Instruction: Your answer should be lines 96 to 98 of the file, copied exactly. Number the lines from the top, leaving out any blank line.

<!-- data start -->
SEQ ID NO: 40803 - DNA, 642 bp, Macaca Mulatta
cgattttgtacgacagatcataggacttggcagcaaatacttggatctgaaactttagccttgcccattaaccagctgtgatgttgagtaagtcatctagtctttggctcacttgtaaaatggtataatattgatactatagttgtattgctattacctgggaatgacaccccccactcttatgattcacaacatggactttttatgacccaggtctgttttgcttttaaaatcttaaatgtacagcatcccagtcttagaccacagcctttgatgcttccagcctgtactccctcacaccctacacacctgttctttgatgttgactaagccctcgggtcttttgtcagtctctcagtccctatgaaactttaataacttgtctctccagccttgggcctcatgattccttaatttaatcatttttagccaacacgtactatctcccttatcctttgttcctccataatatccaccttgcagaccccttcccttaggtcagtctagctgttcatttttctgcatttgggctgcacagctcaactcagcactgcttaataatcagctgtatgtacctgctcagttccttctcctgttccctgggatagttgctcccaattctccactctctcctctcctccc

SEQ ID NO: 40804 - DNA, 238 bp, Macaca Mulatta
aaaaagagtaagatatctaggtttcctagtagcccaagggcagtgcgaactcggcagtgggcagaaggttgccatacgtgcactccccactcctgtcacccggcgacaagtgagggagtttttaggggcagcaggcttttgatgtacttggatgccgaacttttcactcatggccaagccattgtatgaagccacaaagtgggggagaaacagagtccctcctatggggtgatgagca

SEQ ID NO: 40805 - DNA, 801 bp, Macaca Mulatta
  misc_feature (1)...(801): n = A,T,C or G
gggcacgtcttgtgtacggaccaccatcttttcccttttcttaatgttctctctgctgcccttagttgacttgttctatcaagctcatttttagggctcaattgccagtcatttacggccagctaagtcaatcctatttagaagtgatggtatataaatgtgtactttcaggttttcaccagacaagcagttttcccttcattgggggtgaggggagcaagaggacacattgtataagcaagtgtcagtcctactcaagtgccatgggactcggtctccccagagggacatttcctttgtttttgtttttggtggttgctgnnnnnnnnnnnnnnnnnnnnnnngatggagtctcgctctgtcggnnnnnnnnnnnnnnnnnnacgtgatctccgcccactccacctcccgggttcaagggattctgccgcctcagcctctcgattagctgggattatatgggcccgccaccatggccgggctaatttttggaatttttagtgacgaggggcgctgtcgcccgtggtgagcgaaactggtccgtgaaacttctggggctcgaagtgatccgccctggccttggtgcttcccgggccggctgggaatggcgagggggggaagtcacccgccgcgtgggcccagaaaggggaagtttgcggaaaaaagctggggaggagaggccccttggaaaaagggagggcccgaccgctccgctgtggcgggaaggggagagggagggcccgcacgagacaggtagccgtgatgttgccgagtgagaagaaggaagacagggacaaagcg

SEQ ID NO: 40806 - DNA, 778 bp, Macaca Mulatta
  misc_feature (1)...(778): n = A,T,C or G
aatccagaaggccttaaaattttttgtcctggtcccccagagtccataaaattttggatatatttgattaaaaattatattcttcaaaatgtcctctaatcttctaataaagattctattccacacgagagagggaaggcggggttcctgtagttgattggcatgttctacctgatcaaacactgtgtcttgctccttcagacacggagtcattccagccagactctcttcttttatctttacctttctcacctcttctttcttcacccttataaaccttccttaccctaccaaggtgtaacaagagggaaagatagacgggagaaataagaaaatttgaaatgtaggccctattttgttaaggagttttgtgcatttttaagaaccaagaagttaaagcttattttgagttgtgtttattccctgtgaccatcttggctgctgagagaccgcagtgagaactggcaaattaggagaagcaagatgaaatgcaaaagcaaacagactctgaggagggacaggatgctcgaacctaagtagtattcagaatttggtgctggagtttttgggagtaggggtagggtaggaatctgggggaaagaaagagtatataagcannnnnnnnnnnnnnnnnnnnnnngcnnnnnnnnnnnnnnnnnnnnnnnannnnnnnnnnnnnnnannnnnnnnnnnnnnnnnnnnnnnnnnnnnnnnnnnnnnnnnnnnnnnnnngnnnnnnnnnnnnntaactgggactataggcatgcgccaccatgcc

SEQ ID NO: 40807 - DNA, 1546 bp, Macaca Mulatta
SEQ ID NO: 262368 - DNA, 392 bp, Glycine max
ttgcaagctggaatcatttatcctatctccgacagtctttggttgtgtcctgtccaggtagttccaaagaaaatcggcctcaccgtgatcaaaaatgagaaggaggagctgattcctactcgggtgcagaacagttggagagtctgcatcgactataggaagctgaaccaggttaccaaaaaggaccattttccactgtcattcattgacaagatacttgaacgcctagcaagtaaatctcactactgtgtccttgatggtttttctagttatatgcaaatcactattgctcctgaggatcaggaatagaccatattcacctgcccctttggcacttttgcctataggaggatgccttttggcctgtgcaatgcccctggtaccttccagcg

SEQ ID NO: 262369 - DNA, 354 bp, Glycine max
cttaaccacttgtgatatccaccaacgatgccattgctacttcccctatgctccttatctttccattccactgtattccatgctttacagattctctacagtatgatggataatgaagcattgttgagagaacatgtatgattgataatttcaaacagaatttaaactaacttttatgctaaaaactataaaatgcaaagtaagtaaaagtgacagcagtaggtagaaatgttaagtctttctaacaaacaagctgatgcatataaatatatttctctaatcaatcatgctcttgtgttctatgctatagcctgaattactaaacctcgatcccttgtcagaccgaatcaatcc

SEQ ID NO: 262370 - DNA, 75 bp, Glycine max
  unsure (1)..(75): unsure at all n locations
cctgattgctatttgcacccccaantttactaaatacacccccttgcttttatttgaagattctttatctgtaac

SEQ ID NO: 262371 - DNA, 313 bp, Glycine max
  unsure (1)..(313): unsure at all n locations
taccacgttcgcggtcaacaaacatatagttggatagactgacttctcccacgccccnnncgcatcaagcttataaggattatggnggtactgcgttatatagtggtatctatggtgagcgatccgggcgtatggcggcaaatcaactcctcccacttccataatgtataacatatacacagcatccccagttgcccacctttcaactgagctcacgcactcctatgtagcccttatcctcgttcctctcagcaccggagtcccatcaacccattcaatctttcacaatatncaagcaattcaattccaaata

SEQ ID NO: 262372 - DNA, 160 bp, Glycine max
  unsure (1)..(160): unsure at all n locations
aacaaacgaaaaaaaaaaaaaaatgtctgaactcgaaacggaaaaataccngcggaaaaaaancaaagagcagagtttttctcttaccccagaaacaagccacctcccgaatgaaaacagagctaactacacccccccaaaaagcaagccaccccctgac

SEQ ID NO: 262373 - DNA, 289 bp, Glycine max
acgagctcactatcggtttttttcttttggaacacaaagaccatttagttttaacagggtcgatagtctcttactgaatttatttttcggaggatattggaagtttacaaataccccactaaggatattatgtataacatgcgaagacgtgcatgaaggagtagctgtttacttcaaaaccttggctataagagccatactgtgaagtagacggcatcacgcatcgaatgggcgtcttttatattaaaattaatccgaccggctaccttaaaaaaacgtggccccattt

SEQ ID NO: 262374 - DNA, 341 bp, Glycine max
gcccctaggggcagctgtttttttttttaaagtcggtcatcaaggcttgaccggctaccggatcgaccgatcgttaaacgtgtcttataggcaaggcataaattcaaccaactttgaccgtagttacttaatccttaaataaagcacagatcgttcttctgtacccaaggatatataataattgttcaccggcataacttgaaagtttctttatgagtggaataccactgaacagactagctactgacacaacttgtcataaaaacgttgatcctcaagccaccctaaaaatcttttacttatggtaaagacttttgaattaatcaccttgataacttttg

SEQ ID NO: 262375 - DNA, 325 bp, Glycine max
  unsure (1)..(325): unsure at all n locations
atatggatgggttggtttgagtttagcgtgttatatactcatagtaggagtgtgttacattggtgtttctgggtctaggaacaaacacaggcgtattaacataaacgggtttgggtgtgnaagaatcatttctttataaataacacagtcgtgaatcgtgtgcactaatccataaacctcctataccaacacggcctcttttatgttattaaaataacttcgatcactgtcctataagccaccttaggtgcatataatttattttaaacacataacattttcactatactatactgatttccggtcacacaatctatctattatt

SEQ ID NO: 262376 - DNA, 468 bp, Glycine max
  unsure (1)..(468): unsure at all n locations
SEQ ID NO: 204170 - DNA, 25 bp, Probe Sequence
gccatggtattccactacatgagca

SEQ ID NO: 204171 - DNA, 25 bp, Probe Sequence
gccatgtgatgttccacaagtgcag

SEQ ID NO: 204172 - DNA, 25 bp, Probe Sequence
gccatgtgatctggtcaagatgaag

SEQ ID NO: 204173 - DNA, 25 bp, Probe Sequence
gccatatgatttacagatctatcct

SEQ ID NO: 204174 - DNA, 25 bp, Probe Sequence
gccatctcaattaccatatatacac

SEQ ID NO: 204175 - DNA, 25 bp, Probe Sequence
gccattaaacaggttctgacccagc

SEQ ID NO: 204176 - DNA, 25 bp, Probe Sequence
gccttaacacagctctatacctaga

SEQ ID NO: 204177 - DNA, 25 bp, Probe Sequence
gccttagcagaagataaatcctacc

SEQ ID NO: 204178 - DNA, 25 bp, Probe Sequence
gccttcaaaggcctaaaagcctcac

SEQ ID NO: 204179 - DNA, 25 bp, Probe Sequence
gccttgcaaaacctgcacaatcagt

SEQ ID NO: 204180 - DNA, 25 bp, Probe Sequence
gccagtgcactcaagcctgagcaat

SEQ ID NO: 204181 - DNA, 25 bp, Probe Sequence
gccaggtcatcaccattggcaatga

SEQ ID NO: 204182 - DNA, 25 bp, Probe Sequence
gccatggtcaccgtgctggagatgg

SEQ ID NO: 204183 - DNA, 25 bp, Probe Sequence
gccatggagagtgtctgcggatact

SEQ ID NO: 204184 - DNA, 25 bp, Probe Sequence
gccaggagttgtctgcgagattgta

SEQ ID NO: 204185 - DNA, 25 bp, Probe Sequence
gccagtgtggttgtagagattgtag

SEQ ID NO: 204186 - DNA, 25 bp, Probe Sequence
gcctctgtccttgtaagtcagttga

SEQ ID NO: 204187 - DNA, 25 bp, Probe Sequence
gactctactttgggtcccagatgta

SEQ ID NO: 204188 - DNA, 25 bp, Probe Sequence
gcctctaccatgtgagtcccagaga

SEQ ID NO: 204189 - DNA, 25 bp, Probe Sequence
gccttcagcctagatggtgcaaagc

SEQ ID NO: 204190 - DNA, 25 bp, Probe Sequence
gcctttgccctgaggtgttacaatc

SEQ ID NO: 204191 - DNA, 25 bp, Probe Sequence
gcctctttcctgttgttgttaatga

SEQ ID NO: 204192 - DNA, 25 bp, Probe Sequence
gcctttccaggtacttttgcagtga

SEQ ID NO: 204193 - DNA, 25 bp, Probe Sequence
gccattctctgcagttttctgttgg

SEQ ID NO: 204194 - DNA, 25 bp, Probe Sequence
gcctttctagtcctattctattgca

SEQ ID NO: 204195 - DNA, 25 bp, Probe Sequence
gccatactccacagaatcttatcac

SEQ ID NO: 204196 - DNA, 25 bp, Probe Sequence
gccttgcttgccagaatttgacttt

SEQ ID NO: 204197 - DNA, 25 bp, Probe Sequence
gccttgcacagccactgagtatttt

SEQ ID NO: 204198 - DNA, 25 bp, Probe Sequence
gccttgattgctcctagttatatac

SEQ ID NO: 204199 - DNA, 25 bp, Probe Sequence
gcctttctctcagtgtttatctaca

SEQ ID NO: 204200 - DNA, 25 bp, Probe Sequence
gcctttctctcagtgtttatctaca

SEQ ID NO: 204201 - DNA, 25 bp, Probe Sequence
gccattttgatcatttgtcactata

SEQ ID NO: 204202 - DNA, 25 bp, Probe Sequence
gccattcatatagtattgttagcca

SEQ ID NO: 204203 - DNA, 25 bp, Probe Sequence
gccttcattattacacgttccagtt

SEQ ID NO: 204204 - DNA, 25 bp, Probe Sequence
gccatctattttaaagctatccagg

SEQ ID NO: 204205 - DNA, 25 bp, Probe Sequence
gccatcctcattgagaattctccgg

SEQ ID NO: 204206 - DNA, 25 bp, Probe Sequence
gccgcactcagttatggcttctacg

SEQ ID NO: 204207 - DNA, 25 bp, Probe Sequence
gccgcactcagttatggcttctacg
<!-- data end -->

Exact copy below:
SEQ ID NO: 204201 - DNA, 25 bp, Probe Sequence
gccattttgatcatttgtcactata

SEQ ID NO: 204202 - DNA, 25 bp, Probe Sequence